[ UPDATED 5/18/2012 – See Below ]
After the announcement of Google selling SketchUp to Trimble, there was talk (here, and here for starters) about what to do if SketchUp goes away (or at least the free version). I mentioned on one of the threads that I was going to look at Bonzai 3D (B3D) when I had a chance, and well, I’ve had a chance! I couldn’t find any first-hand use reports of B3D for making things for a Makerbot (or other at-home 3D printer) so I’d take a crack at putting something out there.
I use SketchUp and/or Blender for all my modeling, so ideally I want something that does what both of these do, easily and without too much change in workflow. SketchUp Pro would do what I mostly use Blender for—booleans—but beyond that, the additional features are things I don’t need. At times I like to use Blender for NURBS and more esoteric design features, but those don’t exist in SketchUp Pro.
When I first thought about buying software to design objects with, I had thought that SketchUp Pro was in the $799 range. Looking recently, I see that I was totally wrong (maybe it once was?) but now it is $495. I had thought Bonzai 3D, therefore, was half the cost, but it turns out that it is the same as SketchUp Pro. However, I think B3D provides a richer set of creation tools than SketchUp Pro.
I prefer the simplicity of SketchUp’s UI and way of working. I’ve seen folks using Rhino and Solidworks for designing objects to be 3D printed, but both were a little more complicated than I’d like, and even some of those users didn’t fully know all the ins-and-outs of the app.
The interface of B3D is very similar to SketchUp so it was easy for me to jump in and start drawing stuff. There was a definite learning curve with finding where certain features were located, how to set up the environment to work at the scale of my Thing-o-Matic, and figuring out the changes to what seem like 3D UI standards (B3D uses Middle Mouse = pan, Command+Middle Mouse = orbit while just about every other piece of software I’ve ever used is Middle-Mouse = orbit, Shift+Middle Mouse = pan). These are pretty minor things to deal with, and once you save your preferences and get used to the tools/mouse issues, things are pretty smooth.
Things I liked:
- ability to draw lines and primitives as walls (think: no need to draw an extruded hexagon followed by another one a little smaller and push/pull to remove the middle, just draw an extruded hexagon with a set wall size and done!);
- some pretty sweet additions to regular booleans (slicing, object and surface splitting);
- NURBS with some really cool blending tools, in a much more approachable interface than Blender;
- 4-up “old school” view (top, left, right, perspective all at once);
- helix creation (screw tops!!);
- rounded or faceted edges with myriad settings;
- right-click on any tool and set a keyboard shortcut;
- and my new favorite: thicken, which takes any non-solid and turns it into a solid of a specified width
Things I didn’t like:
- some features require the setting of custom workplanes while some don’t and you don’t know until it throws an error dialog (workplanes are all new to me, but I like overall);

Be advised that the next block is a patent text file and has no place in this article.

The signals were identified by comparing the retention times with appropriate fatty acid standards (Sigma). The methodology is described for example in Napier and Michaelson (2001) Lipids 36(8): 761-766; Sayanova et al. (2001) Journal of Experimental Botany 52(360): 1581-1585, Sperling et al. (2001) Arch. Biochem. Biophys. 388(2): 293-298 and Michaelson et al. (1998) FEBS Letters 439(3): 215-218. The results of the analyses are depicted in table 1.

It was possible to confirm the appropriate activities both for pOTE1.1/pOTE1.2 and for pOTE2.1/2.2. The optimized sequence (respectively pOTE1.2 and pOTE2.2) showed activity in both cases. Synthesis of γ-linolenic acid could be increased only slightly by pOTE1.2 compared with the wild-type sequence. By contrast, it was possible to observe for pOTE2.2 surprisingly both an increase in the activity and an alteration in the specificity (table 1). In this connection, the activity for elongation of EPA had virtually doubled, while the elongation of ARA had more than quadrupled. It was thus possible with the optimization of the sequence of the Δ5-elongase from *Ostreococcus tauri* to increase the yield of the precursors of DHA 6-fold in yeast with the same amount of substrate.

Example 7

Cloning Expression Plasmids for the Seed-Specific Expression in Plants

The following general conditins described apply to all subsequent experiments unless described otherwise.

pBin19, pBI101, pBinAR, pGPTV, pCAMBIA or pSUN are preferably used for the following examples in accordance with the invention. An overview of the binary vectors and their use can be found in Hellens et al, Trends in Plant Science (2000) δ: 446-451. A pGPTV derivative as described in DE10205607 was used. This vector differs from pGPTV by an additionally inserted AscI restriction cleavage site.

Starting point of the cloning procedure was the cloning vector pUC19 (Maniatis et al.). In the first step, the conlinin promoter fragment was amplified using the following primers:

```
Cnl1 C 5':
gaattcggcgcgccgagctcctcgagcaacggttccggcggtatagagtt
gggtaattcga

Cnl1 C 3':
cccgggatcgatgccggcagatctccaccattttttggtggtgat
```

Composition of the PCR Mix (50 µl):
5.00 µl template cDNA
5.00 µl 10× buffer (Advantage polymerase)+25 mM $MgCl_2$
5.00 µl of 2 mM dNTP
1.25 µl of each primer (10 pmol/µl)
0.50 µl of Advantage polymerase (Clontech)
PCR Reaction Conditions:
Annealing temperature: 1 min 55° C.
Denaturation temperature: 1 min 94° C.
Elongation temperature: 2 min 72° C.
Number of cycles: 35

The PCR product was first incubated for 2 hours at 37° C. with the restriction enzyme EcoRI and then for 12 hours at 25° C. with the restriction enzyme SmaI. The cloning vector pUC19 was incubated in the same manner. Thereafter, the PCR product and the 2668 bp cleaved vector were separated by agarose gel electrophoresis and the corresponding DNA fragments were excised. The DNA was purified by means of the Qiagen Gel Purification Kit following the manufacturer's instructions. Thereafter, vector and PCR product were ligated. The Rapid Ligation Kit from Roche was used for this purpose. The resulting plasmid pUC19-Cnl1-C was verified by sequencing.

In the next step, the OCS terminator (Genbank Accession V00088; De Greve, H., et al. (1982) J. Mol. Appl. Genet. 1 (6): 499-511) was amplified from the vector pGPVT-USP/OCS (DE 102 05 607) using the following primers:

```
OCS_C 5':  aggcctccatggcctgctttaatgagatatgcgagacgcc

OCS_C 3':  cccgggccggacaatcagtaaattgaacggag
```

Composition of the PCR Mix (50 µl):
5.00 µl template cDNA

- inconsistent workplane handling (“lock workplane” sometimes doesn’t lock, and you have to use “save custom workplane”);
- adding dimensions to a part is hit-or-miss whether or not it will measure between the points you click or the entire edge you’re touching, while “measure distance” works perfect but doesn’t leave the dimensions on screen;
- too much reliance on hovering to open up tool groups and additional options (small gripe)
Overall the pros outweigh the cons. I’ve been able to make some wickedly cool shapes using NURBS, booleans, and thicken, output the STL, and then print them all with no problem (like the tiny, 20mm “ottoman” pictured). Half the time I would have to rework parts I made in SketchUp that had holes or other simple design bits due to errors with slicing in RepG; no such issue with the many things I threw at it from B3D. Interestingly B3D has the ability to “diagnose” various potential problems when you export a STL file, but even with it reporting issues with a few of my objects, I had no problems with slicing/printing. Maybe they weren’t really bad issues. Not sure.
Overall I’m psyched that I can whip out some complex designs with some cool tools, easier than I can with SketchUp and Blender, but I’m still not sure I feel like buying it as it is a pricey investment for some software I’ll use as a hobby (though it’s still only half the cost of SketchUp Pro). We’ll see if I cut into my Replicator fund after my 30-day trial is up. 🙂
Sorry for the poor quality pictures, I only had my iPhone today.
So, after working with Bonzai 3D some more, I’ve decided that yes, should I decide to purchase a piece of modeling software, I would purchase Bonzai 3D instead of SketchUp Pro.
However, that’s not to say Bonzai 3D is the only game in town.
I’ve seen good things about Cheetah 3D, and see that it lists a lot of the things that Bonzai 3D can do, though it also appears to be missing some things (rounded edges/corners, thicken). The UI appears simple and straight-forward, and the ability to write scripts is nice, but again it has a ton of features that I’m not really interested in (rendering, animation, etc). This may be the next app I put through it’s paces.